ROME – Cereal stockpiles are expected to hit their lowest level in over two decades, contributing to keeping their prices high, a U.N. food agency said.
The low stocks combined with continuously strong demand – also driven by the growing biofuels industry – to keep prices elevated, the Food and Agriculture Organization said in a report on the global food situation, which was being released today.
By the close of the current season, stocks are expected to fall to 405 million tons – down 22 million tons, or 5 percent, from the start of the season, the Rome-based agency said. It would be the lowest level since 1982.
The food-and-supply demand remains tight, despite an increase in cereal production in 2007 and favorable prospects in 2008, the agency said.
“We do not anticipate a major downturn in prices even if production rises, because the increase would have to take into account the lower stocks,” said Abdolreza Abbassian, an agency official who was part of a team working on the report.
The report said that “it may require significant increases in production of more than one season’s cereal crop for markets to regain their stability and for prices to decline significantly below the recent highs.”
In recent years, food prices have soared amid rising oil prices – which have increased food shipping prices – and growing demands for biofuels.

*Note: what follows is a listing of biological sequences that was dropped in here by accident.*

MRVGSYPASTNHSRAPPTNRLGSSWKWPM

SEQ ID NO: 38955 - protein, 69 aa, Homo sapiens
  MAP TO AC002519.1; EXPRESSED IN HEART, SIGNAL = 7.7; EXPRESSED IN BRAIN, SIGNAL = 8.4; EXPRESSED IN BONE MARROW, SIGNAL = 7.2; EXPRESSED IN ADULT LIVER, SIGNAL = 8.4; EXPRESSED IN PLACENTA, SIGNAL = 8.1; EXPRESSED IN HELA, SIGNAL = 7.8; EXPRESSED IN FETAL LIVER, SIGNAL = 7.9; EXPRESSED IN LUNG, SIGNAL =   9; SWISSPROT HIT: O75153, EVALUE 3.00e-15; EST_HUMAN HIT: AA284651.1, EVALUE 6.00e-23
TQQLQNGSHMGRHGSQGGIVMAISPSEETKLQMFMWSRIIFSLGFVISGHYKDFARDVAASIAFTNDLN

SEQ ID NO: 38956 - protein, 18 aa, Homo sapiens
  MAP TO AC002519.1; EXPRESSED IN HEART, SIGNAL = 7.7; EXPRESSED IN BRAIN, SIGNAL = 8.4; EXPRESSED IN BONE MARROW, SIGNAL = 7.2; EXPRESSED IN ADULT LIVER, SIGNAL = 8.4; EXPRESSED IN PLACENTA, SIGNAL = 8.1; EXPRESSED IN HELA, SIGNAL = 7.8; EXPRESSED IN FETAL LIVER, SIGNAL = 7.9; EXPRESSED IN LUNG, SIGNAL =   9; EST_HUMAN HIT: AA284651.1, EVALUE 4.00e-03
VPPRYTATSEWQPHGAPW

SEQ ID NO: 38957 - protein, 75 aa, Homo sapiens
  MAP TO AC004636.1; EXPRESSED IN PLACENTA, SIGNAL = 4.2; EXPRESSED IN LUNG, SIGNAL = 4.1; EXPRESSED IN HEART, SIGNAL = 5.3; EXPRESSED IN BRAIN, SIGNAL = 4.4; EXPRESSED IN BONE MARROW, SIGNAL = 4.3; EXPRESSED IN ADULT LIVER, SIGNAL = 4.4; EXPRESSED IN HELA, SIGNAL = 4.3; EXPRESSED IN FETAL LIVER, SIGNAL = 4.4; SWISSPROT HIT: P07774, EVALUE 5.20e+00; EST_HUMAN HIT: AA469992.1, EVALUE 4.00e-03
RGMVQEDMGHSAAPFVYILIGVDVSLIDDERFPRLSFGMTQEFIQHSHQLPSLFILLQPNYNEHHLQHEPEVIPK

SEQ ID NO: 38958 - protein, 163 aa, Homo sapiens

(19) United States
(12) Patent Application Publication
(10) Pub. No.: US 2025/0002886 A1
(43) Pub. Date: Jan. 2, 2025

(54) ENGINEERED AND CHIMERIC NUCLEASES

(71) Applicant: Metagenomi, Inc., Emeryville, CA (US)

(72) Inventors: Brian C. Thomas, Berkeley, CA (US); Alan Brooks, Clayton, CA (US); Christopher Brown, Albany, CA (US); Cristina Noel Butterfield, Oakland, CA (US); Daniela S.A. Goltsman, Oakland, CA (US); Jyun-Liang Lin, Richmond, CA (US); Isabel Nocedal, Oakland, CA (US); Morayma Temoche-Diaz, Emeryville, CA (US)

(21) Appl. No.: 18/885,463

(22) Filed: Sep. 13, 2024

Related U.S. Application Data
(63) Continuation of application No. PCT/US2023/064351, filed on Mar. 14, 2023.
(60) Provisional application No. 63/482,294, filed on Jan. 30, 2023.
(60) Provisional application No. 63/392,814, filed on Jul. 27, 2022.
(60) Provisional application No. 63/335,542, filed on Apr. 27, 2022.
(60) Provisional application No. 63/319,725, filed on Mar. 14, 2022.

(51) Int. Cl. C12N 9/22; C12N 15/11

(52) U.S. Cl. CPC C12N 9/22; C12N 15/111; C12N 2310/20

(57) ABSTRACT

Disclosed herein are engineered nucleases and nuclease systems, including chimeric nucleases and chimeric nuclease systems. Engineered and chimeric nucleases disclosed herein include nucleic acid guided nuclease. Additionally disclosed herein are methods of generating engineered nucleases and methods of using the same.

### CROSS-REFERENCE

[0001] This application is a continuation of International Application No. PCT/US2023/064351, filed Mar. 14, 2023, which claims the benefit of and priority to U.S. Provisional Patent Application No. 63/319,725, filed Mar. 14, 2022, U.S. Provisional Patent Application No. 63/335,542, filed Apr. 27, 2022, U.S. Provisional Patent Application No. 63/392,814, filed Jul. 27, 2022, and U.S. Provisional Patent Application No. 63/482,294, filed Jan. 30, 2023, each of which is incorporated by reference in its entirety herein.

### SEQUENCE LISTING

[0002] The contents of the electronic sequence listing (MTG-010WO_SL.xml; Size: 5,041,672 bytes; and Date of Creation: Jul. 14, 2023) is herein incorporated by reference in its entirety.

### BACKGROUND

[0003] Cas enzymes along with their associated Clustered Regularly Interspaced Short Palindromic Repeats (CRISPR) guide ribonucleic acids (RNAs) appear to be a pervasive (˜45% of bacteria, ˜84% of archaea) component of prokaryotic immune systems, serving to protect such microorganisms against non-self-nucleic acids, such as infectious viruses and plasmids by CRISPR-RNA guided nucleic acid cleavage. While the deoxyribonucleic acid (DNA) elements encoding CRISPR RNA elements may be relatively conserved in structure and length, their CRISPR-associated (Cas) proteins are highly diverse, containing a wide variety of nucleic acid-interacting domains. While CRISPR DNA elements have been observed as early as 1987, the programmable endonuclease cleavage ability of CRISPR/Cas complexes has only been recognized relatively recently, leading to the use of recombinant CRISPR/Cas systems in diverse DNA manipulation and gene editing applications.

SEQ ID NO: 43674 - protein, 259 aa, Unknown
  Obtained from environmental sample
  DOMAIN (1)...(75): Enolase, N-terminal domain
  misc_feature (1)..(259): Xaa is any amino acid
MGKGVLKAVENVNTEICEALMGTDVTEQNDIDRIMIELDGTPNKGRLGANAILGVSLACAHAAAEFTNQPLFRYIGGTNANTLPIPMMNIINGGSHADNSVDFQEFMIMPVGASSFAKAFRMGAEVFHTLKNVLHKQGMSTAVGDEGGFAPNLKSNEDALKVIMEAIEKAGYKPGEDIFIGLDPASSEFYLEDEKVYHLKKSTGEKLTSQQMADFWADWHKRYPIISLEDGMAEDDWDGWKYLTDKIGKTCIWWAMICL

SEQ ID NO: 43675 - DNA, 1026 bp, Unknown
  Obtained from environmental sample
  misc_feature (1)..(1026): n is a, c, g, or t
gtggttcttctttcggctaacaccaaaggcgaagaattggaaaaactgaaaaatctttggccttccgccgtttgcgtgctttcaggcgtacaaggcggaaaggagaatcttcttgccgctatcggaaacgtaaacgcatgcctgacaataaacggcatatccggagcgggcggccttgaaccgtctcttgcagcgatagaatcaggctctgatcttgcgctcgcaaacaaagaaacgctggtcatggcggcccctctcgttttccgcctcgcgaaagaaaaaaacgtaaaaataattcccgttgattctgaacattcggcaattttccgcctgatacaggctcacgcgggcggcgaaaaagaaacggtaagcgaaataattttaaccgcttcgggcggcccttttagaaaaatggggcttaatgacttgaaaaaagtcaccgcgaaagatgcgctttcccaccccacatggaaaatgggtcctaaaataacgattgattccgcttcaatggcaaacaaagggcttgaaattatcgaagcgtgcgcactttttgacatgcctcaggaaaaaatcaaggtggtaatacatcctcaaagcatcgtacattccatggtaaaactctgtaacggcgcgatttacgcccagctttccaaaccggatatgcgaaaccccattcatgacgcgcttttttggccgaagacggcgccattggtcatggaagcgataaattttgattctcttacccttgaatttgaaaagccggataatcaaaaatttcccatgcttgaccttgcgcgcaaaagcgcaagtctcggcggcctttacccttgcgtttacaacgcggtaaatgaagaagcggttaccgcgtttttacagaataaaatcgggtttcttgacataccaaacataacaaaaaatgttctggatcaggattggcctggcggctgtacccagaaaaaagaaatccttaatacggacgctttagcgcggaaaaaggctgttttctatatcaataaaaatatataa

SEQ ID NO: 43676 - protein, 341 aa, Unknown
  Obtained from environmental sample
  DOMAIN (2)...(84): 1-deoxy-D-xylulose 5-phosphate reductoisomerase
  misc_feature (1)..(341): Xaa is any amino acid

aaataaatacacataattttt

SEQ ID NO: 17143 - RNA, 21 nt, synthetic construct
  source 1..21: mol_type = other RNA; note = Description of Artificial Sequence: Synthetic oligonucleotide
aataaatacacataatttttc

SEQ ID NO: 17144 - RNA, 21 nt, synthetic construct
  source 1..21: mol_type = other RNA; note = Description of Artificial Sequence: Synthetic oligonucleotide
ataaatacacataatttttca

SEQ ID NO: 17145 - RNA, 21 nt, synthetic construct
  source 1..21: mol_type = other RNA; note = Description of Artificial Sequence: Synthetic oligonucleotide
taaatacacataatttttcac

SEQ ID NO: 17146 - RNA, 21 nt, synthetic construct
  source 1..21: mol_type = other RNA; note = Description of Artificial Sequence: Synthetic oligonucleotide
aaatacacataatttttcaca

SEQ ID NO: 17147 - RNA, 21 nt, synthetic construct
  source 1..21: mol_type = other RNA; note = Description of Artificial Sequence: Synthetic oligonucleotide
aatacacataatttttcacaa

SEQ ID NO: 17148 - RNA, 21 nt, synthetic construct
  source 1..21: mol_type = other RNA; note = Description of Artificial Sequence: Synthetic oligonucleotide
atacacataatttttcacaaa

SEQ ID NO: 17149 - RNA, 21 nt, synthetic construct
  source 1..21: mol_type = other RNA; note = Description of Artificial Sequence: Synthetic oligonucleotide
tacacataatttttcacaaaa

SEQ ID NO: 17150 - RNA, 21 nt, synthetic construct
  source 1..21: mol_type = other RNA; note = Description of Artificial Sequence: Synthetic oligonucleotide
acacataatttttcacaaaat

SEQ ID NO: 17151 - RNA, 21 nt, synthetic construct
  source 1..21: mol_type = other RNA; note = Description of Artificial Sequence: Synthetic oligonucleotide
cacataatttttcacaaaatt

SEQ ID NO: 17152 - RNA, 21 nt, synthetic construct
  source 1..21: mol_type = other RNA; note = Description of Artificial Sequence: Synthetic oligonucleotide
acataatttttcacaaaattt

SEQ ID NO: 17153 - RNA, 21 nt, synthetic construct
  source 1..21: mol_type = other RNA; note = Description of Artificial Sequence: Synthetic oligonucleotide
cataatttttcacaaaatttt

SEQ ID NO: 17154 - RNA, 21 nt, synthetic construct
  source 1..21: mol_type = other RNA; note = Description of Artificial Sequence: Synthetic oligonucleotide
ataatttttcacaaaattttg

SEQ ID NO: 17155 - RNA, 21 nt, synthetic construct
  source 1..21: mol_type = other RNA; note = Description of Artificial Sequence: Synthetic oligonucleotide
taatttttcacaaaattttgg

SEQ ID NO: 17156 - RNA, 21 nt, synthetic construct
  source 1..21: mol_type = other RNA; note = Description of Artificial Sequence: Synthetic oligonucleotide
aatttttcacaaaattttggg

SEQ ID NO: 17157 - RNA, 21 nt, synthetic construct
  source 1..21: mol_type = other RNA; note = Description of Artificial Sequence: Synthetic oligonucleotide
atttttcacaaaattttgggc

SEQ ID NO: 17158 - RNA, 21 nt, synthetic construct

Biofuels, made from corn, palm oil, sugar cane and other agricultural products, are seen by many as a cleaner and cheaper way to meet the world’s soaring energy needs compared to greenhouse gas-emitting fossil fuels.
It is estimated that some 100 million tons of cereals are currently used for the production of biofuels, making this sector a leading source of demand, the report said. Of this figure, maize accounts for 95 million tons, representing 12 percent of its total world utilization.
In 2007-08, the United States is expected to put at least 81 million tons of maize into the production of ethanol, which would be up 32 million tons, or 37 percent, from the previous season.
World cereal trade is expected to hit a new record in the current 2007-08 season, approaching 258 million tons, mainly due to a surge in imports in maize and other cereals by the European Union, the report said.
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